Well, for one thing, it's hard. Unlike most, Racket enjoys the benefits of seriously amazing, complete and correct documentation. Which SOUNDS great, but here's a direct quote from one part of it.
"The intent of a cross-phase persistent module is to support values that are recognizable after phase crossings. For example, when a macro transformer running in phase 1 raises a syntax error as represented by an exn:fail:syntax instance, the instance is recognizable by a phase-0 exception handler wrapping a call to eval or expand that triggered the syntax error, because the exn:fail:syntax structure type is defined by a cross-phase persistent module.
A cross-phase persistent module imports only other cross-phase persistent modules, and it contains only definitions that bind variables to functions, structure types and related functions, or structure-type properties and related functions. A cross-phase persistent module never includes syntax literals (via quote-syntax) or variable references (via #%variable-reference). See Cross-Phase Persistent Module Declarations for the syntactic specification of a cross-phase persistent module declaration."
The thing is, I know a little bit about what that means. I read their introduction guide meant for people new to the language, and made enough progress in the reference to understand these terms in isolation. But when I keep running into paragraphs like THAT, I have to review everything again because I just get lost.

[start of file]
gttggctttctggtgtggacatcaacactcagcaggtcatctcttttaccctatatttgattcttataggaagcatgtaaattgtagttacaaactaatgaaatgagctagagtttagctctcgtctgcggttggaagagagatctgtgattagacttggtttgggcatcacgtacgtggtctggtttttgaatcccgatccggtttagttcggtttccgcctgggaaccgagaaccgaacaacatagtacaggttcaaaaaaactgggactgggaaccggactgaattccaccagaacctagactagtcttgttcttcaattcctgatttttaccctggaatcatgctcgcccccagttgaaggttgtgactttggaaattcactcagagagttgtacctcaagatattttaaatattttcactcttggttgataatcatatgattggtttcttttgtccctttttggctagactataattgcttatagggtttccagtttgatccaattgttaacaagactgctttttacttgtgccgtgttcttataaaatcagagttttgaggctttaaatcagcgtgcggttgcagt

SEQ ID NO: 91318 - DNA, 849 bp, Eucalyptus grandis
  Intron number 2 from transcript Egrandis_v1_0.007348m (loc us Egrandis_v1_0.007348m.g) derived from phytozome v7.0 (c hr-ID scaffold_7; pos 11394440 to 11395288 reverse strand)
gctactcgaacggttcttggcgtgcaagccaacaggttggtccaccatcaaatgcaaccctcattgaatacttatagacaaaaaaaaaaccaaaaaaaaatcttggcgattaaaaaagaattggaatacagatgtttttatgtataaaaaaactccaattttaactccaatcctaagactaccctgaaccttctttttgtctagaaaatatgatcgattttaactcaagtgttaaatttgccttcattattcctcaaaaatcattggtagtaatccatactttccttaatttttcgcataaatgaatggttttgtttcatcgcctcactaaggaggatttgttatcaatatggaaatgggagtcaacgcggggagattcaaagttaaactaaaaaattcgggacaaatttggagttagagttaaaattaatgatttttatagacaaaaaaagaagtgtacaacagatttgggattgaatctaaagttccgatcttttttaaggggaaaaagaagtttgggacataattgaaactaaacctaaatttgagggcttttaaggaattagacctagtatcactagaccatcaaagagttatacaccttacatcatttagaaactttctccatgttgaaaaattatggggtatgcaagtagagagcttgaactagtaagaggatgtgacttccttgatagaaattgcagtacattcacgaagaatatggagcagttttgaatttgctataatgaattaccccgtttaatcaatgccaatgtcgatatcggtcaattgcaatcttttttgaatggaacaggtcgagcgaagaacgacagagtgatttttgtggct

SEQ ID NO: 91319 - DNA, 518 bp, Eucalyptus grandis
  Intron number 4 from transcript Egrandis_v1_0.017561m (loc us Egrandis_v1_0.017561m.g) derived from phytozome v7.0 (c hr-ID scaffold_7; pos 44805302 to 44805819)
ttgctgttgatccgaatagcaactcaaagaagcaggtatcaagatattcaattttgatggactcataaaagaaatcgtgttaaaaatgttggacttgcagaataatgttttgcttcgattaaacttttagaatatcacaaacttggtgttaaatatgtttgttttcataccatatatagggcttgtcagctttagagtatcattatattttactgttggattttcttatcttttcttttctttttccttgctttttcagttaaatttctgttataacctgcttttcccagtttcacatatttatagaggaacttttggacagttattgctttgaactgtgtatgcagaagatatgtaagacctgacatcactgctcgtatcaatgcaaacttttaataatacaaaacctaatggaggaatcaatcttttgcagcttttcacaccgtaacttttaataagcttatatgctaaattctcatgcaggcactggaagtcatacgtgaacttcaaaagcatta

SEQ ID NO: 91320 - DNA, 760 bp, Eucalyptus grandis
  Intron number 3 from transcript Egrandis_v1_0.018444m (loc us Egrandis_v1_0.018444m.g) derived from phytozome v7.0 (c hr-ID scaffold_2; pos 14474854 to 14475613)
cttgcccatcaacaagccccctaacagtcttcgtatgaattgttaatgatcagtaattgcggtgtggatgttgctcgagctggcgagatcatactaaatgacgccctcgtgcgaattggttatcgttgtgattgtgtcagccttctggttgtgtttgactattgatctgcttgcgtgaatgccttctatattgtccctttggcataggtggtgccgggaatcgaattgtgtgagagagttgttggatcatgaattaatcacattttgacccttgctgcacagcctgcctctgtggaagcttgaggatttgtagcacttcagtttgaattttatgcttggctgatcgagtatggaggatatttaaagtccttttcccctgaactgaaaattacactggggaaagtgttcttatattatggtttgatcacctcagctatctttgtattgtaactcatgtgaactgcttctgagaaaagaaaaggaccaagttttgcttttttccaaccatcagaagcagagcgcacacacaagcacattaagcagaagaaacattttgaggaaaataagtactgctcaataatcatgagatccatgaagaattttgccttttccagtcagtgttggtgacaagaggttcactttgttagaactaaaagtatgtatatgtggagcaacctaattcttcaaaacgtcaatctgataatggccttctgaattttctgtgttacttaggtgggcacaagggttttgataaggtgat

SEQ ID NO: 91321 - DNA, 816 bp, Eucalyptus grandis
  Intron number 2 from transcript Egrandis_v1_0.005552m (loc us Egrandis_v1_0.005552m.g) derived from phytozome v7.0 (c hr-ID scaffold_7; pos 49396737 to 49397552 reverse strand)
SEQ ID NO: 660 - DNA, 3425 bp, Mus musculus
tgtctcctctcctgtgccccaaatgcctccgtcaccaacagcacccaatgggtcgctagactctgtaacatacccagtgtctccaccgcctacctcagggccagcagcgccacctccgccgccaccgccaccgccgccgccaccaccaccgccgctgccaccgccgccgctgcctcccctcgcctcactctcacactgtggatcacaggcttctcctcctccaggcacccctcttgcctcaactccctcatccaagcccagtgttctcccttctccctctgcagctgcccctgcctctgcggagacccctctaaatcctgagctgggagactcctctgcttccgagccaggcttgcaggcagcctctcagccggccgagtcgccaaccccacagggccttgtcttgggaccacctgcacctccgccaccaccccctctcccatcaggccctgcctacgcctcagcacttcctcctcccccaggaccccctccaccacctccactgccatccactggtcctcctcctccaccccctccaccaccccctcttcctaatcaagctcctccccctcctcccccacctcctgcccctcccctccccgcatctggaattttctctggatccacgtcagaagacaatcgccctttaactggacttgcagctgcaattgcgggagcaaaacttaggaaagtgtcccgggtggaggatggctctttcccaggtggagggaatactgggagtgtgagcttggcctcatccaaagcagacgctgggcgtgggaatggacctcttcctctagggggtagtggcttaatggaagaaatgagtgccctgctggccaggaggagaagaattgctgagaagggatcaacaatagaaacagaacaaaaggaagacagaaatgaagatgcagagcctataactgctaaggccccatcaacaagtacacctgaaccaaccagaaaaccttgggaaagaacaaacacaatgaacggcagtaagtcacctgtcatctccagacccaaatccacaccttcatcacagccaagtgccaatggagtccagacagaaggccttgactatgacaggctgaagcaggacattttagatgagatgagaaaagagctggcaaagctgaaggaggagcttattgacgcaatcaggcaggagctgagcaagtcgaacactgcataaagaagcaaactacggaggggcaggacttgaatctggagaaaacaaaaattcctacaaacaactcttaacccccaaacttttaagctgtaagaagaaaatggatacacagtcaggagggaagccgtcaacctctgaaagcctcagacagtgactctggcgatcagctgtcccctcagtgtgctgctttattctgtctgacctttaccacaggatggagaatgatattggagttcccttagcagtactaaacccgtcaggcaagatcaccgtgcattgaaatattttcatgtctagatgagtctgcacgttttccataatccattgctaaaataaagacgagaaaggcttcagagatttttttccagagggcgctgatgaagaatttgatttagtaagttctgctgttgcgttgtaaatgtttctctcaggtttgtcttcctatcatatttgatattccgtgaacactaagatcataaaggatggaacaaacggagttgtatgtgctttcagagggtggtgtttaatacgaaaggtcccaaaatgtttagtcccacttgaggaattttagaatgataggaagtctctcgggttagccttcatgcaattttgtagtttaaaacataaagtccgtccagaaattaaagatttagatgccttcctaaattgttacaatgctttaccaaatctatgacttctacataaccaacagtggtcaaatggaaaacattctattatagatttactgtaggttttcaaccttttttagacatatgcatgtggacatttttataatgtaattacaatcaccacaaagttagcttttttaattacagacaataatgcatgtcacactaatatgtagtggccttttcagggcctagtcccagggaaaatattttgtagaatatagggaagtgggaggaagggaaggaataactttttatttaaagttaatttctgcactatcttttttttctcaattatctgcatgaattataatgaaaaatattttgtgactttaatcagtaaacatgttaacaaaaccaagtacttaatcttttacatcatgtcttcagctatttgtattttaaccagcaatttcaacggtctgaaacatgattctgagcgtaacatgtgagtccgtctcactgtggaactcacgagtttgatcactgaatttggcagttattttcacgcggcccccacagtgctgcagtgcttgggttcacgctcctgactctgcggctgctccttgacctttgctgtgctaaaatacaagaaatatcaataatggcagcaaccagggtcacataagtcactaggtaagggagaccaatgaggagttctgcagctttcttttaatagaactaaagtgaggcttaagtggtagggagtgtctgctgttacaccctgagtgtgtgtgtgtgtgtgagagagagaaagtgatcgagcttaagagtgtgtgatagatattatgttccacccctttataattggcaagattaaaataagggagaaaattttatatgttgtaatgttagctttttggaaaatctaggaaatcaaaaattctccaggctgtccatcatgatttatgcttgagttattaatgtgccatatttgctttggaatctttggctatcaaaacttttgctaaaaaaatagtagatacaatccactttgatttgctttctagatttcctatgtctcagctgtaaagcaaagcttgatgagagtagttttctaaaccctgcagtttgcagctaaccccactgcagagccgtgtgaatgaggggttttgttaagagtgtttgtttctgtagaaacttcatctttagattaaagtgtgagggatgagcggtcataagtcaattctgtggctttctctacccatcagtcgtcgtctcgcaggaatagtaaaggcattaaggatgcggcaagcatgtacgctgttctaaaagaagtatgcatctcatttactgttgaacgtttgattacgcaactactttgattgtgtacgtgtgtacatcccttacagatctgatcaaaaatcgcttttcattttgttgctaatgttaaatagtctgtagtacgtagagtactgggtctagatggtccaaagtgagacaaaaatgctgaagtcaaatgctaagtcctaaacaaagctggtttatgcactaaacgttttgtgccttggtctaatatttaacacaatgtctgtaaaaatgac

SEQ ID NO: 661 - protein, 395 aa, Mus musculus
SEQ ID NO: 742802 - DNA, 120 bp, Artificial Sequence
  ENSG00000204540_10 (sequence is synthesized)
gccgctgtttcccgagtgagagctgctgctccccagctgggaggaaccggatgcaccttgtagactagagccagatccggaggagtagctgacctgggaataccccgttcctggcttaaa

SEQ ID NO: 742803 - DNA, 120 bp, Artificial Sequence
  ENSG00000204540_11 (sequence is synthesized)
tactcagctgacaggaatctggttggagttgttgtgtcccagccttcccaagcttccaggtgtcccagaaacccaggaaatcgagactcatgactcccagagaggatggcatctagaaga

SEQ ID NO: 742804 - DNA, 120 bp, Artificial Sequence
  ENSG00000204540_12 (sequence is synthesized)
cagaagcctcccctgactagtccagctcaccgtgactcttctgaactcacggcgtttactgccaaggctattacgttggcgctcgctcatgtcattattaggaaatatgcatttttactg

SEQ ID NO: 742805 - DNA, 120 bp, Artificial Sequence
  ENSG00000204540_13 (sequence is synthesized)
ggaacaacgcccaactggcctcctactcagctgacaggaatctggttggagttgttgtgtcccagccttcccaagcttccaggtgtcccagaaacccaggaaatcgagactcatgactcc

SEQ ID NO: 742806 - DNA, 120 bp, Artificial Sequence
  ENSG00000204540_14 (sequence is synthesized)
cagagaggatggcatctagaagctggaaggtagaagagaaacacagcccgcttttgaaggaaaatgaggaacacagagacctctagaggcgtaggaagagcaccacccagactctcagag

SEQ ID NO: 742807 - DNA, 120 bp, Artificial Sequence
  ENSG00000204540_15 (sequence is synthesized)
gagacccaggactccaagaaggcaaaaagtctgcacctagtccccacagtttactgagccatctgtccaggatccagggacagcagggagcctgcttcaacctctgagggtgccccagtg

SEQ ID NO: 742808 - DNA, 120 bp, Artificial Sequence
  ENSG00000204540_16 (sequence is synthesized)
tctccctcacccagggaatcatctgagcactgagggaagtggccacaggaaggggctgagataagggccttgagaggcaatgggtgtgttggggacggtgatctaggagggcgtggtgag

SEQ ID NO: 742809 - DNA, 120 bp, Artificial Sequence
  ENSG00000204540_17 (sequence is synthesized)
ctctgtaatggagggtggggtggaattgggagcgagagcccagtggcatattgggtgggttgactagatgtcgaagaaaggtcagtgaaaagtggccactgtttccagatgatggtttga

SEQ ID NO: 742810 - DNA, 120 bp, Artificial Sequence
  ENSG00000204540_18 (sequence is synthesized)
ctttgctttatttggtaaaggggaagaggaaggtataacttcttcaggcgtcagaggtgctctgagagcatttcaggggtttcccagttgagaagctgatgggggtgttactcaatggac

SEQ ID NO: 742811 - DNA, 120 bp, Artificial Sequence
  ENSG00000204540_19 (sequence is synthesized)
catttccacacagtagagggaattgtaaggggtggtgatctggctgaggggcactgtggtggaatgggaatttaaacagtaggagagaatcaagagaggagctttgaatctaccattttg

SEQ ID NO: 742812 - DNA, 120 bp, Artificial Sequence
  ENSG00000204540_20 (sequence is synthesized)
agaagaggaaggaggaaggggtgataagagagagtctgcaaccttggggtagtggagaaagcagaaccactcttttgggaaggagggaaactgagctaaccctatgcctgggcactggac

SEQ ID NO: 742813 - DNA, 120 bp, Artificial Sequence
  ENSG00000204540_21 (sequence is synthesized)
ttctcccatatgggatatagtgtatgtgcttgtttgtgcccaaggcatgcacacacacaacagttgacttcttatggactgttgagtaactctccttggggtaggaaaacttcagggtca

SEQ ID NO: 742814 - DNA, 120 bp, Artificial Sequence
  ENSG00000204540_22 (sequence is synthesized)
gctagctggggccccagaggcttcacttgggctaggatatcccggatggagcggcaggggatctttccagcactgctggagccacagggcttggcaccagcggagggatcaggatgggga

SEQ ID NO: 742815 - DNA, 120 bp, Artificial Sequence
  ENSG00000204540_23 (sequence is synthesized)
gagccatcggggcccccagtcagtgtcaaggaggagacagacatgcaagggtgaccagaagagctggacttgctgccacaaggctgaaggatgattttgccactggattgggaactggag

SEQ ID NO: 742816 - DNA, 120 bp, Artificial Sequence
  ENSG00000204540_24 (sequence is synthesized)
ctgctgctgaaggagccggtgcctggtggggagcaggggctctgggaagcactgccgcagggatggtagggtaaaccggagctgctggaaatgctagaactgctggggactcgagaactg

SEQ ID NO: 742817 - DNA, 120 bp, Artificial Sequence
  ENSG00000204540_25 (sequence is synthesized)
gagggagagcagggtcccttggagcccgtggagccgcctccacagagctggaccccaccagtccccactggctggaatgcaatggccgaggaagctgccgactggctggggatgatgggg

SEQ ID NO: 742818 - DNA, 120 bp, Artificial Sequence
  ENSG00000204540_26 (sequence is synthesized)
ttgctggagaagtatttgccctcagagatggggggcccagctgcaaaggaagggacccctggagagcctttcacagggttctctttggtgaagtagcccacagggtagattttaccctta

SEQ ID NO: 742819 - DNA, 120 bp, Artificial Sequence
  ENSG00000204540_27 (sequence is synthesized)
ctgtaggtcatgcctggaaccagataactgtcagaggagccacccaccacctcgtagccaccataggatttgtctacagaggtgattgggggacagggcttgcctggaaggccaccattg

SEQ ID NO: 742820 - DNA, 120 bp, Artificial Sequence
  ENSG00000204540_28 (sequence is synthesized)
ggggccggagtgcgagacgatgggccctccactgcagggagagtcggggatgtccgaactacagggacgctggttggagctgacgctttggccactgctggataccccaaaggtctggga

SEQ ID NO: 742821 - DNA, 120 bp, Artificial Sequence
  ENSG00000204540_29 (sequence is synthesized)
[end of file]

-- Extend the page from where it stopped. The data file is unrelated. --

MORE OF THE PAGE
The other problem may be that it has the classic Lisp Curse (http://winestockwebdesign.com/Essay...), which means its power is also its greatest weakness. The power of a programming language can grow strong enough that the people who contribute to society using it rarely bother to use each other's work.
Still, Racket has a more complete and cooperative ecosystem compared to other Lisps I've observed. I'm still a total fanboi of the language and would love to get a job using it, but it's probably a long time out.
Thanks for reading. I don't have a particular desire to tell you to drop what you are doing to use it, I just think it's cool and wanted to brag on it a bit.1
There was this project where a bunch a scripts had been running for three weeks analysing a bunch of fileshares. The project was in overrun and the analysis wasn't anywhere near done.
I was given complete isolation and a team of people who were instructed to do anything I needed. I had them replicate the data to as many machines as possible and I started scripting the analysis with some sample data. After half a day of collecting laptops, desktops and severs I transfered my scripts to those machines and ran the analysis in 5 hours.